I had a tuna tempura roll which was different than I expected in that the Tuna was more cooked than I'd have preferred and there wasn't a tempura crunchyness, but it was good. I also had the "SoHo" which had shrimp tempura, avocado and a spicy orange sauce. I can't remember what else was in it, (and it isn't listed on their online menu) but I found it to be very tasty, if HUGE - these were 2-inch wide rolls which I could barely fit in my mouth.

The service was adequate and amusingly everyone on staff says goodbye and thank you as you leave the restaurant.

Mezzo Mezzo

Mezzo-Mezzo might mean “half and half,” but this place gets the whole Hellenic taverna thing right. - Time Out New York

Valentines dinner at Mezzo Mezzo was cool, literally. Each of the five courses of the fixed price meal were delicious but some could have been served hotter. My guess is that a lot was pre-prepared for the menu and the holiday and was simply waiting under heat lamps - the service of each course was speedy and right about on time if a little early.

The lobster bisque had enormous chunks of lobster meat and was quite tasty. I wished it were warmer. The salad was nothing special, but tasty and refreshing before the stuffed portobello mushroom caps. These had a crab/cornbread stuffing with some melted cheese on top and were very tasty. I expected the mushroom caps to be larger (just 2.5" across) but in a five-course meal, portion size is important and this was just right.

The main course was "flounder stuffed with crab" which used the same cornbread/crab stuffing as the mushrooms. Very tasty, a little sweet, a little buttery. I found a few bones in the fish, but nothing outrageous. We also got mixed vegetables and mashed potatoes making it a very filling course. I brought home leftover fish, which was great for lunch the next day. Finally, baklava for dessert was flaky and sweet and delicious.

The service was friendly and the manager/owner even came by to see how the meal was. He seemed like a good person to know (I saw him offer another table a free round of drinks). The decor was warm with log-cabin style exterior walls and heavy wooden tables and chairs. The stone/brick walls added to the look. Apparently the weekend scene is big too with bell dancers and what appeared to be a dance club upstairs.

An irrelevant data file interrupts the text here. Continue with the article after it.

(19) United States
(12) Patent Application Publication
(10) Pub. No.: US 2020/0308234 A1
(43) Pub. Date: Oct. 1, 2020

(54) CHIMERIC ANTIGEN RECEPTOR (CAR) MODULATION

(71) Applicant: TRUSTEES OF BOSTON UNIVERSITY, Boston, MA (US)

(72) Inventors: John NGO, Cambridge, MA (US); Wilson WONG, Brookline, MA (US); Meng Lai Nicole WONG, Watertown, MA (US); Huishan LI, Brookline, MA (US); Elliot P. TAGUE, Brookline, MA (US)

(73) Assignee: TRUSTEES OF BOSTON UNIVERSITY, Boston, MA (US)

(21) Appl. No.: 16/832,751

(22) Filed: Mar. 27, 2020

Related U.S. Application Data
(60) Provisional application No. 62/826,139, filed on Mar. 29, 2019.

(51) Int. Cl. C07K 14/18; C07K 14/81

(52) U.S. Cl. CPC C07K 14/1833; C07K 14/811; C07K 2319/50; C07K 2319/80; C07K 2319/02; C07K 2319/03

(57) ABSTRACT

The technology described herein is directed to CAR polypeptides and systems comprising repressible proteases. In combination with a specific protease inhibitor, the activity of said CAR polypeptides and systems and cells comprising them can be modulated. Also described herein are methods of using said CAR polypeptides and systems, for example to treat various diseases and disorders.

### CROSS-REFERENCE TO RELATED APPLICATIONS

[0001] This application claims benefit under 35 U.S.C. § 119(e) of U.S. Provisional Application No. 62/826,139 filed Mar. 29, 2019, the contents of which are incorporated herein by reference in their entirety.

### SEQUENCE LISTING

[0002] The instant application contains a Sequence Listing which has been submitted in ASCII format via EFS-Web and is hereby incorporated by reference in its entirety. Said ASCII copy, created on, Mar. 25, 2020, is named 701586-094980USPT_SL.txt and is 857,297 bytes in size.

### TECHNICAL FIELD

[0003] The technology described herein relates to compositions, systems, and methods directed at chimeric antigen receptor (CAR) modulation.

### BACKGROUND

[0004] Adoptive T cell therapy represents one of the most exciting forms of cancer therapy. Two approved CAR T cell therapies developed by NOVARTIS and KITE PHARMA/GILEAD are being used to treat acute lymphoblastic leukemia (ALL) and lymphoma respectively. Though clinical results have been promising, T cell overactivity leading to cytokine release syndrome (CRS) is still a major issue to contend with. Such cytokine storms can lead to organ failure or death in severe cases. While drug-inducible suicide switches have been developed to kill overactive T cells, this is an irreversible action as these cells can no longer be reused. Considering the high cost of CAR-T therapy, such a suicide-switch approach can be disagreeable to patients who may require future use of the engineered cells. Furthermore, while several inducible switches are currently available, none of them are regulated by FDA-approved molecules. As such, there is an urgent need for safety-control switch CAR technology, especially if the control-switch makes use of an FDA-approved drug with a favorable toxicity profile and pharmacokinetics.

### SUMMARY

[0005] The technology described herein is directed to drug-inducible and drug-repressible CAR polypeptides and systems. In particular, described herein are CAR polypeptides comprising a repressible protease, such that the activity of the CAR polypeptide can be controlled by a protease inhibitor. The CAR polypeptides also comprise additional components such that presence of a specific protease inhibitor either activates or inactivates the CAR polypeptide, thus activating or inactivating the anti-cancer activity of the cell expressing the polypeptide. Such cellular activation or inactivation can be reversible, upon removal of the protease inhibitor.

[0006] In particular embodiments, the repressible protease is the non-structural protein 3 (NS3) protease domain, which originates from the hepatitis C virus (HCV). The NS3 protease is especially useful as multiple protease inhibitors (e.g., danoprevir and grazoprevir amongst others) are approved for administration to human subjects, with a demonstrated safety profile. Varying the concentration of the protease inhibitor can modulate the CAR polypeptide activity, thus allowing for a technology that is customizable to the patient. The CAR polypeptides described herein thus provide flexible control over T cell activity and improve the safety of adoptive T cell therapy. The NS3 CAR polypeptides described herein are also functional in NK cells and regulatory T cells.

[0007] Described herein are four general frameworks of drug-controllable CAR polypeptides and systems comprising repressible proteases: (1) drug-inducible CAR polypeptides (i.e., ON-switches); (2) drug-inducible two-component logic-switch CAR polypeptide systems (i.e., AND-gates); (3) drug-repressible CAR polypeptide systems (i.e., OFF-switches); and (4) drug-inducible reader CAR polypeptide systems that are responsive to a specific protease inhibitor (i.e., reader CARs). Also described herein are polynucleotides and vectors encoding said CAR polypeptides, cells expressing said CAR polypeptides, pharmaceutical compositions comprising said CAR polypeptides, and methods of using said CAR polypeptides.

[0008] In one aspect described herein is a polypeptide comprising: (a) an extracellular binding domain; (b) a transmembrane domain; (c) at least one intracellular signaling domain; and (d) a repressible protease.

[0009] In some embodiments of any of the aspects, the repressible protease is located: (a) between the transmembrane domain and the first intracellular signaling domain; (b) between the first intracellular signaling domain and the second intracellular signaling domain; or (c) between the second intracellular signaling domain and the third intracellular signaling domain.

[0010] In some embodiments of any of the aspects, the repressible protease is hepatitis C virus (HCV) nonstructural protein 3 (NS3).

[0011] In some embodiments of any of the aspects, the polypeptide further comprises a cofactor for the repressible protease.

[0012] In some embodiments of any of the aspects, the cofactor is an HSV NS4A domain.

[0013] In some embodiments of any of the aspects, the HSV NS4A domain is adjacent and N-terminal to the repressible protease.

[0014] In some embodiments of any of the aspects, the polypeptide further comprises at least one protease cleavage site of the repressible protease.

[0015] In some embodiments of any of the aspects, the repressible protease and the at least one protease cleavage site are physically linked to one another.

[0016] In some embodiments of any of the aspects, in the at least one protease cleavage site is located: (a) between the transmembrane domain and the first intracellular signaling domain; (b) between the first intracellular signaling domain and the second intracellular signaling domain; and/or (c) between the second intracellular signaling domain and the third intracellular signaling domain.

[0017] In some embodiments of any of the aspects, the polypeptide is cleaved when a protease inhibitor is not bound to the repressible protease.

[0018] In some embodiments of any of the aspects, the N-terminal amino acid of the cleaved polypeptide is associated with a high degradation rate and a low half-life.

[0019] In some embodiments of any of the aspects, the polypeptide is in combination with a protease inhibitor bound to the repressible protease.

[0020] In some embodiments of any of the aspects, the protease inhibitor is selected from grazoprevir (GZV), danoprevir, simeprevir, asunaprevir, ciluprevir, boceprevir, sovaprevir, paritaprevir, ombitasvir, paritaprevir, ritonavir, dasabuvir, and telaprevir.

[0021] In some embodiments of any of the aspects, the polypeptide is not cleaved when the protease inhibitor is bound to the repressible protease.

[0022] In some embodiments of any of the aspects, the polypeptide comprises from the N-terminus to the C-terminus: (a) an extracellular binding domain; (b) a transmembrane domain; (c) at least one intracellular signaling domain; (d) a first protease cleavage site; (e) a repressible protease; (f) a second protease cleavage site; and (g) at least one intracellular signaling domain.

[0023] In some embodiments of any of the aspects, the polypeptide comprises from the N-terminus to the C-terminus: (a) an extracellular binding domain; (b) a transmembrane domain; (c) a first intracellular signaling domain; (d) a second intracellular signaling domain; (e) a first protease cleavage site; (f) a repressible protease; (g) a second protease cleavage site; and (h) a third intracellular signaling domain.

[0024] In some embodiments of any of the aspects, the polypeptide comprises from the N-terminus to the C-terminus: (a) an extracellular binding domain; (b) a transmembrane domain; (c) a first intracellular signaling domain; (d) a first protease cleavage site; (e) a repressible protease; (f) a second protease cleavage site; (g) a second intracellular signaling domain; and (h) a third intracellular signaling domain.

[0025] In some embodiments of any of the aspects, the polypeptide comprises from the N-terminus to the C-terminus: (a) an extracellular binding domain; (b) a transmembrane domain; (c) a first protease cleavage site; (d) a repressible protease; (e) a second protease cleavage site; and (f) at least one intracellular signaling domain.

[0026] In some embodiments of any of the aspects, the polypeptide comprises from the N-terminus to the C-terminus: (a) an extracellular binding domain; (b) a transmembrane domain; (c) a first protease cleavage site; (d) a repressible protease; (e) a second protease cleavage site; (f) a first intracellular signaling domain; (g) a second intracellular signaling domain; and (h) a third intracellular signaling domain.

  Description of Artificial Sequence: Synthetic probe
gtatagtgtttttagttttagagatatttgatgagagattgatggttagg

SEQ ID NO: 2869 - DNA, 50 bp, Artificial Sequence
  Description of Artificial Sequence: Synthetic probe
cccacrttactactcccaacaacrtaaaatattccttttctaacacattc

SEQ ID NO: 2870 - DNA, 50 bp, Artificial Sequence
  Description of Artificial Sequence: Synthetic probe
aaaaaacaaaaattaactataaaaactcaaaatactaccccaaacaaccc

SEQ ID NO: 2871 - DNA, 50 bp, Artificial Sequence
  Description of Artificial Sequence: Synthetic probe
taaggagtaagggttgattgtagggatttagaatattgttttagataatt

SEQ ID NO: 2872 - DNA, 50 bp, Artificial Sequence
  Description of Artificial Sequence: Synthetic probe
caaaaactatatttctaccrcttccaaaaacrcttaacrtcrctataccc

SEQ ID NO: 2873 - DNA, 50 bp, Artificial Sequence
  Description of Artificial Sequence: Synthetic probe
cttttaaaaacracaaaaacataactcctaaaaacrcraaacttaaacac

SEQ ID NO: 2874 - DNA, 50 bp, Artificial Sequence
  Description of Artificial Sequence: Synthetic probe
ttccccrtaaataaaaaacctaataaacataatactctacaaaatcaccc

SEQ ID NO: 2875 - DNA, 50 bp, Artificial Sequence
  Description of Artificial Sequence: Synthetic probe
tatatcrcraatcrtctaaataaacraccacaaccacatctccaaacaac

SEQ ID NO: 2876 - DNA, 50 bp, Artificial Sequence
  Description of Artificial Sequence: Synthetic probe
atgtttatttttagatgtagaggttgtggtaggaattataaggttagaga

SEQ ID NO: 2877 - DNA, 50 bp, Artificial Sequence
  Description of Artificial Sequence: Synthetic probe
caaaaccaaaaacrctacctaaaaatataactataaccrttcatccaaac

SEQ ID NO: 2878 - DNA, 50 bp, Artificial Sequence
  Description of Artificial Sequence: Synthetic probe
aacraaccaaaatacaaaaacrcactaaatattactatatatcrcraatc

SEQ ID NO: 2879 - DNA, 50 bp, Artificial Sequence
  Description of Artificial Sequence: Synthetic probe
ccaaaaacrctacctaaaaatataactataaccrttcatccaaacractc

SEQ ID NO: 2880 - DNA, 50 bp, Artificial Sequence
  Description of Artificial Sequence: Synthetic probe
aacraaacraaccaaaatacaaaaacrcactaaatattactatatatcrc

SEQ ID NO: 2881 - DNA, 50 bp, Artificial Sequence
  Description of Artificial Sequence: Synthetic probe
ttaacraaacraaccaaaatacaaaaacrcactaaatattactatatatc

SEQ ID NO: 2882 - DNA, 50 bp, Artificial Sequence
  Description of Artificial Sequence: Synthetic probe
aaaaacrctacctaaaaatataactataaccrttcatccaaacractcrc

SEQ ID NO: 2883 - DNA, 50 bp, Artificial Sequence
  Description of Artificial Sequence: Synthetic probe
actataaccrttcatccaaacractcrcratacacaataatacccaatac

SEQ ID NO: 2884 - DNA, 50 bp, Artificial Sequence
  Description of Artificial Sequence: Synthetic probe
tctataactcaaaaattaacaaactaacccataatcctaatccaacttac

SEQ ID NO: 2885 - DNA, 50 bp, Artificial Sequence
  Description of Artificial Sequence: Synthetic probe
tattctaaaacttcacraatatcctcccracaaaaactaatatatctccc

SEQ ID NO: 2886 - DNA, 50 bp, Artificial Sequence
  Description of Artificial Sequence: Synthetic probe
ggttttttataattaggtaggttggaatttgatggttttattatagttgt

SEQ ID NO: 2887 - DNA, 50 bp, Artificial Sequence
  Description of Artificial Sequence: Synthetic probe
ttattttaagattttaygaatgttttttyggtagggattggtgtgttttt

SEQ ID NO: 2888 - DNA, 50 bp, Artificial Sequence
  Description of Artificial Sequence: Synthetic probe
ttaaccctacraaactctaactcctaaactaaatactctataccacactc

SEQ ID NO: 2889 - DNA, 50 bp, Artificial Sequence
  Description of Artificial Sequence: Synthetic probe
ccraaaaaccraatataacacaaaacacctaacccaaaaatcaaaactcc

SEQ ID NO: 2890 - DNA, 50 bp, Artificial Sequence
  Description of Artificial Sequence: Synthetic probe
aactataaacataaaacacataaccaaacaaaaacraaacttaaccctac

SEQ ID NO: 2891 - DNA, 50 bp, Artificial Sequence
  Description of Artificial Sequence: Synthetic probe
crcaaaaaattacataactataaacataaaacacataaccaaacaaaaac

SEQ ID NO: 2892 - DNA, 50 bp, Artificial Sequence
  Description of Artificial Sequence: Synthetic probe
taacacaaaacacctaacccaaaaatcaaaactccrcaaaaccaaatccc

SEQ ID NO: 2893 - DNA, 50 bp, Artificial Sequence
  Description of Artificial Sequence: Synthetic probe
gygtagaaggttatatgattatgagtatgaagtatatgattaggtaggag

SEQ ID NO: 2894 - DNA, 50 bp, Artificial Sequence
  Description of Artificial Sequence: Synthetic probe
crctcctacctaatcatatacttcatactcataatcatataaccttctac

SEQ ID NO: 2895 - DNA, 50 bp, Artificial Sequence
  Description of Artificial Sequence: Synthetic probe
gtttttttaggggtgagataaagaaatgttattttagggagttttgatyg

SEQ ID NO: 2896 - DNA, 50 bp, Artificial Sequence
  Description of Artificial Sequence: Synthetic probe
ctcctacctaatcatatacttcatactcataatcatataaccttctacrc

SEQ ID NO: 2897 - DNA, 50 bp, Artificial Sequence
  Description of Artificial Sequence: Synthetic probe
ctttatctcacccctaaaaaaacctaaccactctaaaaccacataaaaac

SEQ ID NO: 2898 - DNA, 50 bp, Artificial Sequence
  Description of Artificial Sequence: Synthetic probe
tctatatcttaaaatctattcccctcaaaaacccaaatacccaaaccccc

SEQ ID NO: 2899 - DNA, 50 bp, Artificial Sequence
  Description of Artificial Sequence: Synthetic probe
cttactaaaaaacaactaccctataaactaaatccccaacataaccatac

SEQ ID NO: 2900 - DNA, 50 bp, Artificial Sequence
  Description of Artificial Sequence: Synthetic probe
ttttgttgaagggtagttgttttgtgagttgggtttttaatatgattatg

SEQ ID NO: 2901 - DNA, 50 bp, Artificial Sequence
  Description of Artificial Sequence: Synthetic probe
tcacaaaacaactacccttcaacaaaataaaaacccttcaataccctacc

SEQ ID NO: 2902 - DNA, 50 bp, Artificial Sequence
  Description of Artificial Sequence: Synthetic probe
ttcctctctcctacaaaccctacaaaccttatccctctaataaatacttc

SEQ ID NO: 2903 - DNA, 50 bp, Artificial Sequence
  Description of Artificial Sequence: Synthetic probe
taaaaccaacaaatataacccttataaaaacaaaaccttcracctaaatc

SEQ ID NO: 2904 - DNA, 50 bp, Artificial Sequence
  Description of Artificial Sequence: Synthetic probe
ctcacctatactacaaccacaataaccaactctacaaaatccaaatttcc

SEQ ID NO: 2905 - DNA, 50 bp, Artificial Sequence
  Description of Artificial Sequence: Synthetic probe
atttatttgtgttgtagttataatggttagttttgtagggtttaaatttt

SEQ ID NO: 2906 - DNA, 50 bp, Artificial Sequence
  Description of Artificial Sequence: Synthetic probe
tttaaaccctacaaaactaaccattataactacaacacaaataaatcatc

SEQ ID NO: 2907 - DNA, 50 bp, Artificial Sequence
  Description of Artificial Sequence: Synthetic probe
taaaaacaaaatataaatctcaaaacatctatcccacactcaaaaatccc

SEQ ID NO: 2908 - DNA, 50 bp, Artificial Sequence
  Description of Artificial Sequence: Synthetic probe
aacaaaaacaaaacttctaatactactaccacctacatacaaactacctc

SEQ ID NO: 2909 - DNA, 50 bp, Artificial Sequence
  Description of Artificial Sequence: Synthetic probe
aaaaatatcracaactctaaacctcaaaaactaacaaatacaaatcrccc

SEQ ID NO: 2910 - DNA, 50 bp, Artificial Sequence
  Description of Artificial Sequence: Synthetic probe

Ditmars Gyro Place

The first place I went to eat after stepping foot off the moving truck, this restaurant, on the corner of my block will definitely become a standby for me if only because they serve Halloumi. This Cypriot goat cheese doesn't melt - it browns on the grill and is so tasty it ranks as one of my top 3 favorite cheeses of all time. You can order it as a side or it comes on some sandwiches (though in rather thin slices). I feel like you really lose the taste of the cheese if you eat it with bread or many other flavors, so I prefer to eat it alone. Other good food is the gyro, which I believe is available on the spinning rotisseries in chicken, lamb and beef (or pork, not sure which).

I felt like the service is friendly and welcoming - you can take-out or sit down to eat. It is one place where I hope they begin to recognize me, I'm guessing I'll be dropping in a lot at least!

My 'Yelp' Reviews

I'm cross posting my restaurant reviews on another site, Yelp. Here's a map of all the places I've been.

Yelp is...

...the ultimate city guide that taps into the community's voice and reveals honest and current insights on local businesses and services on everything from martinis to mechanics.

...just real people, writing real reviews, and that's the real deal.

...a fun and engaging place for passionate and opinionated influencers to share the experiences they've had with local businesses and services.

...the definitive local guide in the San Francisco Bay Area and a force to be reckoned with in Chicago, New York, Boston, Los Angeles and Seattle. But really, we're everywhere. From Austin to Madison and everywhere in between, reviews are coming in from all over the country!

...word of mouth marketing - amplified. Savvy local marketers now have a great channel to effectively target local consumers.